Shell operates in a global market place and so “mega” foreign producers in the cheaper Third World (India, Korea, Japan and the Middle East) can produce more fuel cheaper than Shell in Australia.
So Shell, not content with a national operation in Australia, chose to shut down the Clyde Refinery in 2011. Shell sold its Clyde Refinery to Viva Energy, owned by Vitol a foreign multinational trader, as if it matters. In August 2014, Shell sold its entire downstream business in Australia, including its Geelong refinery and 870 retail sites, along with its bulk fuels, bitumen, chemicals and part of its lubricants businesses to Vitol, for A$2.9 billion. Vitol is globally headquatered in Switzerland. It is a major controller of the global oil market with dodgy deals, dodgy connections and a record of corruption. Read More
Foreign oil refiners BP, ExxonMobil and Caltex have done the same. ExxonMobil’s Port Stanvac refinery near Adelaide was mothballed in 2003. Recent closures of Shell’s Gore Bay terminal, Caltex’s Kurnell refinery in Sydney and BP’s Bulwer Island refinery in Brisbane, have left only a refinery in Lytton in Brisbane, at Altona in Melbourne and Kwinana south of Perth. The closures have made Australia more reliant upon fuel imports and prompted warnings that it is becoming more exposed to international risks.
If Australia owned the refineries and produced just for the Australian market, it would be profitable and sustainable, so long as cheap Third world fuel was not dumped on our shores. Clyde produced 75,000 barrels of petrol a day, and along with its Geelong refinery in Victoria, domestically supplied 25% of Australia’s petrol needs.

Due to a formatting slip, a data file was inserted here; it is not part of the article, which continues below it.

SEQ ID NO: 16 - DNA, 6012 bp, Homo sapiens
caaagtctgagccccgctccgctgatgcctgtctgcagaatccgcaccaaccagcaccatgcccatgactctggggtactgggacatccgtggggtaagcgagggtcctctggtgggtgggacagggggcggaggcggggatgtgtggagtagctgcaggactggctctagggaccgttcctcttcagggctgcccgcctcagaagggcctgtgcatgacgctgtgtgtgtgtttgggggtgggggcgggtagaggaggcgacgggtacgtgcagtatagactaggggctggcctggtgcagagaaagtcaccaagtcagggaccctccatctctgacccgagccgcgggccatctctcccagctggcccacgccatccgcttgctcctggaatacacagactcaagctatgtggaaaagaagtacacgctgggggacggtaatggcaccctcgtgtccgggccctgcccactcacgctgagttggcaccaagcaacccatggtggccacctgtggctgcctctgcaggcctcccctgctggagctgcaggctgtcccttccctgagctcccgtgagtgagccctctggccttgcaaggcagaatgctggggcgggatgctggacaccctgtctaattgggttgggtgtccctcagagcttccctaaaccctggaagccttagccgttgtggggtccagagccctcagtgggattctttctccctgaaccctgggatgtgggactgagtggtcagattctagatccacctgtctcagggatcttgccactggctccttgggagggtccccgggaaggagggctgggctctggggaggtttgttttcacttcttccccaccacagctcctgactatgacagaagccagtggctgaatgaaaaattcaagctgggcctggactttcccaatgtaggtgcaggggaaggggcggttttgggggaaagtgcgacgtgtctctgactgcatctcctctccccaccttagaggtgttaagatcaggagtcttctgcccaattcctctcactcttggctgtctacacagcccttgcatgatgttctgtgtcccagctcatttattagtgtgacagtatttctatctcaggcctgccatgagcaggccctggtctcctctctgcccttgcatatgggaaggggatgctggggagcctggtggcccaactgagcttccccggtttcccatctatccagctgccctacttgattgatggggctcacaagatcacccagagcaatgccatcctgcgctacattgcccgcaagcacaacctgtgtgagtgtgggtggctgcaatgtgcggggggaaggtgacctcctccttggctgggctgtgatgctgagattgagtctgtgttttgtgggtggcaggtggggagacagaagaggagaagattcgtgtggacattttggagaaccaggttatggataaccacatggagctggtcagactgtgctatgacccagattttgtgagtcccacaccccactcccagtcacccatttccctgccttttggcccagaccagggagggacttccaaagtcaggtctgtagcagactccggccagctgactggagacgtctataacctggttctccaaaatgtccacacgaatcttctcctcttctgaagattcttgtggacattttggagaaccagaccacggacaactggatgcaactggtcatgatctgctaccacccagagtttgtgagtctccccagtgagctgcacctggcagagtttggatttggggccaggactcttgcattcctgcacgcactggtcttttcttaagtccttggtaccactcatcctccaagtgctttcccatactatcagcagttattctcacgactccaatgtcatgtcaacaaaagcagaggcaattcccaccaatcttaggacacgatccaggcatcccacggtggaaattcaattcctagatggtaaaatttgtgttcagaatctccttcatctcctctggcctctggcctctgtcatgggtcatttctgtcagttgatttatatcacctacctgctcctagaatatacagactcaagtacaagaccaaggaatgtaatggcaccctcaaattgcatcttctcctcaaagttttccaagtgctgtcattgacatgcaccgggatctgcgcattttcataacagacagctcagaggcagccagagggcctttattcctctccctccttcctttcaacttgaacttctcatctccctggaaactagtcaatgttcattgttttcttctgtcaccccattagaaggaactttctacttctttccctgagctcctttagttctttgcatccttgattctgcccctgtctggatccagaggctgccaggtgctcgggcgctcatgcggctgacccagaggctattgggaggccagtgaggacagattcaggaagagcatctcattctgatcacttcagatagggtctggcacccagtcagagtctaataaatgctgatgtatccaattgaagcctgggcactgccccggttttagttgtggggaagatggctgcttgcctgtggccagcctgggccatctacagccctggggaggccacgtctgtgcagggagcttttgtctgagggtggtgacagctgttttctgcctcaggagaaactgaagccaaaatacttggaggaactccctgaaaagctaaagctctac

In 2012 Australia’s total domestic demand for petroleum products in Australia was 941,000 barrels per day and that consumption is projected to grow by an average of 1.2% year on year. It’s refining capacity was 761,500 barrels per day or 80% of national demand. So we were almost self-sufficient. We were almost independent.
National independence has nothing to do with becoming some notional republic. It is about self-determination and self-sufficiency and resilience.
Going with the refineries is the domestic technology and the domestic know how – hundreds of skilled and expert Australians made redundant, because these foreign multinationals choose to compete with the Third World in a price dumbing down spiral. Artificial carbon taxing doesn’t help.
Australia’s exposure to trade dependency and finance with China in recent weeks reveals the vulnerability of foreign interests on Australia’s economy. What onshore reserves and strategies are in place to respond to supply disruptions during times of crisis?